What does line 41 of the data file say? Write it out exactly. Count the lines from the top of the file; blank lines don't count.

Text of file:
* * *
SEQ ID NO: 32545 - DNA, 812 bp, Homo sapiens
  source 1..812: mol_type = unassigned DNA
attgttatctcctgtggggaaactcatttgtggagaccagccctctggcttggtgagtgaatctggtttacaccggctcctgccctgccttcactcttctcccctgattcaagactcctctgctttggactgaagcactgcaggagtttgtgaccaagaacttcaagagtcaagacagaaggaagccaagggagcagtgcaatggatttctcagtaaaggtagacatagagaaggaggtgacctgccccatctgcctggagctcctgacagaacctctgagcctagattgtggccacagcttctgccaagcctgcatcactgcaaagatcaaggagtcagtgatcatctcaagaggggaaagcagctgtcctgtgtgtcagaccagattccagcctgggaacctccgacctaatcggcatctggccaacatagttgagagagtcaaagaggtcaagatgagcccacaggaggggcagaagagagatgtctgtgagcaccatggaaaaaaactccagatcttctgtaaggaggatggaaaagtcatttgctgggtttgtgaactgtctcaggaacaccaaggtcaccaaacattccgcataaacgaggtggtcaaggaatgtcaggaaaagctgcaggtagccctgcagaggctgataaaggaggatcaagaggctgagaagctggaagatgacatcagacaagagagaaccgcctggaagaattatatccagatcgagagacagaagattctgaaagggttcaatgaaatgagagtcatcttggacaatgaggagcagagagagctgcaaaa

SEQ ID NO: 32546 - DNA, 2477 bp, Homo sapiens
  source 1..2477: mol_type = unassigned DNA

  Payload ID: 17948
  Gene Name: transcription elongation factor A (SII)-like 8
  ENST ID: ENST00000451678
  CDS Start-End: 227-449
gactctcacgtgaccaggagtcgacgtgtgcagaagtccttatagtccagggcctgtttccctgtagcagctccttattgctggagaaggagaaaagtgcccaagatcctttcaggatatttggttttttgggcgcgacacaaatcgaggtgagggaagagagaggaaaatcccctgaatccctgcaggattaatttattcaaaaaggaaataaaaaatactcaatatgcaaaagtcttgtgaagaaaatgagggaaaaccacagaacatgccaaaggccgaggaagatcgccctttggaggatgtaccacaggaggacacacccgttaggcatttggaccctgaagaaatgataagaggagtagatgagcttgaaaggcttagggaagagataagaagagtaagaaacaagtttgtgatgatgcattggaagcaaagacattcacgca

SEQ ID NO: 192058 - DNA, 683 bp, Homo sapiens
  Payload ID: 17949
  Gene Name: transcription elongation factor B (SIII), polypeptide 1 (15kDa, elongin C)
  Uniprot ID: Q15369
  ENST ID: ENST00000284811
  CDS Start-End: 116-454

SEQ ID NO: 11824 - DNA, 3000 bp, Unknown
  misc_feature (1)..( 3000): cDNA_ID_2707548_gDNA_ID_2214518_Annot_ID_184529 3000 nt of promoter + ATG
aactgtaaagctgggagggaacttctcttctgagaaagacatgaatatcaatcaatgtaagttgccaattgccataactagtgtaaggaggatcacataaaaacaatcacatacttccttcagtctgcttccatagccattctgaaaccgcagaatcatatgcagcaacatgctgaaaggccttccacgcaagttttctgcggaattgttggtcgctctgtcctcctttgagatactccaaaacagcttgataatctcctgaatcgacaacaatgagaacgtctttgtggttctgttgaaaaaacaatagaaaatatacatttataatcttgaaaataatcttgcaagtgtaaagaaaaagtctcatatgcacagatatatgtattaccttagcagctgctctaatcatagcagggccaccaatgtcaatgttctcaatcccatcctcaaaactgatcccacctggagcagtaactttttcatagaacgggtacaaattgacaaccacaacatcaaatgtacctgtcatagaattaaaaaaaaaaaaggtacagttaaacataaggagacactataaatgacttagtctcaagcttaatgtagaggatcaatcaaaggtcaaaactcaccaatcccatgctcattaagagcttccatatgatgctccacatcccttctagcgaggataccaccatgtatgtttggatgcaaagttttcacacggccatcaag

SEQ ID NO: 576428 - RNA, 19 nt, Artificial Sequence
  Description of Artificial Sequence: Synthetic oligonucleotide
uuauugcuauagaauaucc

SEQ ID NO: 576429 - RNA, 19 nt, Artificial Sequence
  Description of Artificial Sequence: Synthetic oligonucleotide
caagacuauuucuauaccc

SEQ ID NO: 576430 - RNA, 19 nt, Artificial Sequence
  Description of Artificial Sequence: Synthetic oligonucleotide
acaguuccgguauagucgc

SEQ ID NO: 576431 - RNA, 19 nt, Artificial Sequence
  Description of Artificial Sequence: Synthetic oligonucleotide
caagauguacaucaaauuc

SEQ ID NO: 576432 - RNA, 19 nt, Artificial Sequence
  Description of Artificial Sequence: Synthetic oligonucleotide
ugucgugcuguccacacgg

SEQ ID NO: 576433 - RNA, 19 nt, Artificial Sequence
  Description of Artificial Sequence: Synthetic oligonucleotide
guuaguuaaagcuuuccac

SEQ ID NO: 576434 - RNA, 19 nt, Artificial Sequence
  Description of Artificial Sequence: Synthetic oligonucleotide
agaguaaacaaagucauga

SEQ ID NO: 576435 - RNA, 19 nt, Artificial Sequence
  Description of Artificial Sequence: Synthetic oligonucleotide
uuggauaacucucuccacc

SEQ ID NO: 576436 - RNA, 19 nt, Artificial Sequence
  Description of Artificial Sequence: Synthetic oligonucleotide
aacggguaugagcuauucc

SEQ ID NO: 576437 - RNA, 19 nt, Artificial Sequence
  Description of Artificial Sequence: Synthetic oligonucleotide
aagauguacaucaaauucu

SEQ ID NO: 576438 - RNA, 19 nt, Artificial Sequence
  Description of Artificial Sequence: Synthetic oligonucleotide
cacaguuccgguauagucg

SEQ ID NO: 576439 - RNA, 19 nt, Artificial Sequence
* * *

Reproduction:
SEQ ID NO: 576435 - RNA, 19 nt, Artificial Sequence